Lynne Truss has written many scripts for BBC Radio 4, including dramas, features, sitcoms and talks. Her drama A Home Truth was shortlisted for scriptwriting prize at Prix Italia. Current broadcasts include the second series of Acropolis Now; a six part series of monologues A Certain Age, and an innovative six-part series of duologues Full Circle. It Can’t Go On, three 15-minute talks on the burden of choice, will be broadcast this September. A second series of A Certain Age - six monologues for men, are scheduled for May 2005.
Lynne began her writing life as a literary journalist, editing the books section of The Listener magazine between 1986 and 1990. Since then she has kept a high profile as a journalist, writing for The Times as a critic, columnist and sportswriter (shortlisted for Sportswriter of the Year 1997); for Woman's Journal ("Columnist of the Year", 1996); and more recently as a critic for the Daily Mail and The Sunday Times, where she is a regular book reviewer.
Lynne has contributed to many anthologies and published seven books, including the renowned Eats, Shoots & Leaves and three novels such as With One Lousy Free Packet of Seed, Tennyson's Gift and Going Loco
by Stephen Wyatt
When a nineteen year boy dies of an overdose at a celebrity party his divorced father sets out to find the truth about what happened.
vThe phone goes as Martin is leaving the house. It is his son, Josh. Martin has hardly seen him since the divorce a few years ago, but he is in a hurry and asks Josh to call back later. Josh never does. A few days later the papers are full of the death of a ‘male escort’ at a celebrity party. The guests are politicians, business men and showbiz personalities. The ‘escort’ is Josh. Martin is stunned. He has lost his son, who was once a clever boy with a bright future. He has apparently been working as a male prostitute, and taking hard drugs. This happens to other people’s children but not to Martin’s. What has gone wrong? Who is responsible?
The inquest and funeral bring encounters with Lesley, Martin’s ex-wife. She refuses to see their son’s gayness as a failure. Martin knows he is on his own. The police are unhelpful, the celebrities keep him at a distance. Josh’s friend and one-time lover, Aaron, tries to help but Martin won’t let him. A contradictory picture of Josh is emerging. He was a good time boy seeking influential friends, and a lonely, depressed young man searching for a way out of an empty life.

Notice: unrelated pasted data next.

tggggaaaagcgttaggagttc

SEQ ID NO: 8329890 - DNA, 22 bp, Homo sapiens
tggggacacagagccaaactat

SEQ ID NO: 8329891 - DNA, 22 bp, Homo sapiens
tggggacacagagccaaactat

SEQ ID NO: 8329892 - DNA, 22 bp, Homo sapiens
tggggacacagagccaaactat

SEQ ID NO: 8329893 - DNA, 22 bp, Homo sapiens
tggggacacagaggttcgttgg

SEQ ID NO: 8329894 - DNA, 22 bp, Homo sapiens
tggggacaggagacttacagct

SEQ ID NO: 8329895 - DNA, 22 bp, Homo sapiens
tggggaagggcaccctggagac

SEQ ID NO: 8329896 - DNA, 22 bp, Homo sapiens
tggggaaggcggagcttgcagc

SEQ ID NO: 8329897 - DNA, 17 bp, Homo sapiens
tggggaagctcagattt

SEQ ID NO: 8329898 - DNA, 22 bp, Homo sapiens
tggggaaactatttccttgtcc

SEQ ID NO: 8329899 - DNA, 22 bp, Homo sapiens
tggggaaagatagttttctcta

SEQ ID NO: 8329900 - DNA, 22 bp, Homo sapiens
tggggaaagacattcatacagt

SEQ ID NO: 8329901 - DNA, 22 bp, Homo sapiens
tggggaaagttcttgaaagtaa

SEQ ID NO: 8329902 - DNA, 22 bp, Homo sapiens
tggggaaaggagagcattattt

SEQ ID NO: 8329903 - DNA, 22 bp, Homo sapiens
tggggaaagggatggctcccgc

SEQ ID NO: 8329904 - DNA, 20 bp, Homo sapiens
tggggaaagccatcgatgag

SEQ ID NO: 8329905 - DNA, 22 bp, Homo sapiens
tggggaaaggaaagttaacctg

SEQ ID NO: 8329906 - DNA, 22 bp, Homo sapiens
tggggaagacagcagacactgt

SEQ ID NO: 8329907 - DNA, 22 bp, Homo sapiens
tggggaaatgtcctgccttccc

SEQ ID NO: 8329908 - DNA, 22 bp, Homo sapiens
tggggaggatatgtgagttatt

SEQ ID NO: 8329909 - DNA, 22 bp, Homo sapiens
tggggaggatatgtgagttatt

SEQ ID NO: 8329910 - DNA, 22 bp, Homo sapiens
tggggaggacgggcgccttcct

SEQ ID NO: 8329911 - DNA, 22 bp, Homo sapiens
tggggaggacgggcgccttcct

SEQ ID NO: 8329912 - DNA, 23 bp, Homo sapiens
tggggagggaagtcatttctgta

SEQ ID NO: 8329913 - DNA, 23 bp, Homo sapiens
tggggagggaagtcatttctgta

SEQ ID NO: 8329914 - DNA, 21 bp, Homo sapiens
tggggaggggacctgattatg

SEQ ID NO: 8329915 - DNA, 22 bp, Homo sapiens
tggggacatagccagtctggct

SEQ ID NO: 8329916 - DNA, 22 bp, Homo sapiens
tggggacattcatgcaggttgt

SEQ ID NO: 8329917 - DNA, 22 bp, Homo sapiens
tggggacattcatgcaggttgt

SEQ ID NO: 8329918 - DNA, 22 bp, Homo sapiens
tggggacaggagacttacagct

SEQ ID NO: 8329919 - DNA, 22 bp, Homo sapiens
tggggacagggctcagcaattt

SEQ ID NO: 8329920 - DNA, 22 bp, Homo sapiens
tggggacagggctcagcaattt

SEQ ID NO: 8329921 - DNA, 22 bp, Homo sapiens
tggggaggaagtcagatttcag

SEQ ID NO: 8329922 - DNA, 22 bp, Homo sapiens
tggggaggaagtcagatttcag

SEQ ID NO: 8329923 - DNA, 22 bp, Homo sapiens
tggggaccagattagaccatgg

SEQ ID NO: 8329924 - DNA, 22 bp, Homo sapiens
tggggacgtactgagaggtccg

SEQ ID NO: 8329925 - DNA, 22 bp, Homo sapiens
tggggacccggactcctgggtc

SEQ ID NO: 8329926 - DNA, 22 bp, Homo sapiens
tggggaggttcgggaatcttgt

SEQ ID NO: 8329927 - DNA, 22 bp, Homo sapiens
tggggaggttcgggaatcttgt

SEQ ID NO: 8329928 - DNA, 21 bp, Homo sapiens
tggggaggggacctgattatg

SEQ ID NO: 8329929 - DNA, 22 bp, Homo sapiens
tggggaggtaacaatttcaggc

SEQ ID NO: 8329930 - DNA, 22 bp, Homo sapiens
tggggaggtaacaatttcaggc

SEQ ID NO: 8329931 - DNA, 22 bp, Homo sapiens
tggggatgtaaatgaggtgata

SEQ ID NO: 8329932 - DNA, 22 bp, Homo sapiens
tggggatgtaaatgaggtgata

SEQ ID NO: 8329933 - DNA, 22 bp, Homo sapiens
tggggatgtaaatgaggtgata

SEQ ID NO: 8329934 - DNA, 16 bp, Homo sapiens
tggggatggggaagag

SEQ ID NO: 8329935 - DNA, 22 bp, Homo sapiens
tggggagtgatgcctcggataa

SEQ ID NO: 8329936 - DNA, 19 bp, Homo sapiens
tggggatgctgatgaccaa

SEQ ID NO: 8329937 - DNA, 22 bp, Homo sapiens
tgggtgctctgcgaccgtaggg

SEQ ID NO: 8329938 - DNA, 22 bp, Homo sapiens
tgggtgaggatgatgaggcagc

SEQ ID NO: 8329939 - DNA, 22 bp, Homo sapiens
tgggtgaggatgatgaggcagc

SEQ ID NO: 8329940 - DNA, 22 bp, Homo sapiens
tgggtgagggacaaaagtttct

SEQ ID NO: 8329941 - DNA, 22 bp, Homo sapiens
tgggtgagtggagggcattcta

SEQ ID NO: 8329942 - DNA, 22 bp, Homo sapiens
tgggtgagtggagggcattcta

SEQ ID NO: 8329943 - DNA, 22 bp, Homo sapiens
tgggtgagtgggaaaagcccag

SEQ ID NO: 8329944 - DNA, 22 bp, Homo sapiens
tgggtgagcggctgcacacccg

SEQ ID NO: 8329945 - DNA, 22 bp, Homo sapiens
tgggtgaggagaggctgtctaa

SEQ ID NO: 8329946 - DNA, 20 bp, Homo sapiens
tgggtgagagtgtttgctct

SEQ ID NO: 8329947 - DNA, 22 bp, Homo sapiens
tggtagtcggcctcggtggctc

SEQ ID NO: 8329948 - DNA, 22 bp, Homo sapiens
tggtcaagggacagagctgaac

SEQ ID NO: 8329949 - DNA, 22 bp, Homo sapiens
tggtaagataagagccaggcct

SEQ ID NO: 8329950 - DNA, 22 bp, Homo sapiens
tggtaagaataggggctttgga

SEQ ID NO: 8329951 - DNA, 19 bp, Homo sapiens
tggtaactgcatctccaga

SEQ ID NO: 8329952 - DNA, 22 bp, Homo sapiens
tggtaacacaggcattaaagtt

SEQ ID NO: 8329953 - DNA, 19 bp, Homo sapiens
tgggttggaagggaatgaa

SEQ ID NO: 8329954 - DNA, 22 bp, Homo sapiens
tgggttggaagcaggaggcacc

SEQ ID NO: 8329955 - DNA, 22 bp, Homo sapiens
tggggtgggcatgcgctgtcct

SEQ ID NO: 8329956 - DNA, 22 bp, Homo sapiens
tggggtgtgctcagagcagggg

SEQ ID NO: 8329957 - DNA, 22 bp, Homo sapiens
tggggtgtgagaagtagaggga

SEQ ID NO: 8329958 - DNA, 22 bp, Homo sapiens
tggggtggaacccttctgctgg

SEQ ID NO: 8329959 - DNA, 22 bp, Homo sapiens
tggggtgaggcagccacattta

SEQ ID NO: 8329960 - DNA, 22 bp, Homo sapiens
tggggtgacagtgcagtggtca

This is an ordinary man’s journey into a world he was barely conscious of before the death of his son. He is fuelled by anger, prejudice and the desire to blame anyone and everyone. He wants a simple answer, but in the end the play is about Martin facing his own inadequacies as a parent and a man.
Cast: Cast: Philip Jackson (The Sins), Carl Prekopp (A Certain Smile), Tom Smith (Monarch of the Glen), Lynne Verrall (Auf Wiedersehen Pet), Peter Wight (Vera Darke), Nitin Ganatra (Colour Me Kubrick) and appearances by Tom George and Emma Woolliams.
Producer: Claire Grove
Broadcast: 28/02/2003, BBC Radio 4
Stephen Wyatt writes for theatre, radio, television and screen. His original radio drama includes: Fairest Isle which gained a Sony Award; Party Animal and A Game of Marbles, a comedy about the Elgin Marbles broadcast to coincide with the Athens Olympics. His most recent original play was Agnes Beaumont by Herself. He has dramatised two series of Sketches By Boz for Radio 4 and one series of Tales by Thackeray. He has written many radio adaptations including the acclaimed The Old Wives’ Tale, Gilbert Without Sullivan and to be broadcast by the BBC Radio Four this year in 20 parts, Vanity Fair and on New Year’s Day, Tales The Countess Told, a 90’ special with Eleanor Bron.
Stephen’s television credits include Doctor Who, Casualty, House of Elliott and a comedy, Claws, for Screen One.
Stephen’s theatrical plays have been professionally performed across the country in venues ranging from the West End’s Apollo Theatre to the Bubble Theatre’s touring tent. Recent work includes R.I.P., Maria Callas (Hen and Chickens) and The Ladies’ Paradise (LAMDA).
Stephen also scripted the audio guide for the Elizabeth I exhibition at Greenwich Maritime Museum.
Information above supplied by Jo Hodder, Society of Authors.
UPDATE from Mary Kalemkerian, Head of Programmes, BBC7, sent to me by Greg Linden of California:
I was very pleased to be able to attend the
award announcement this week, and to see Sir
Richard Eyre presenting the prize to the winner
- a relative newcomer to radio writing -
Christopher William Hill, for his play, Killing
Nigel Deacon, Diversity website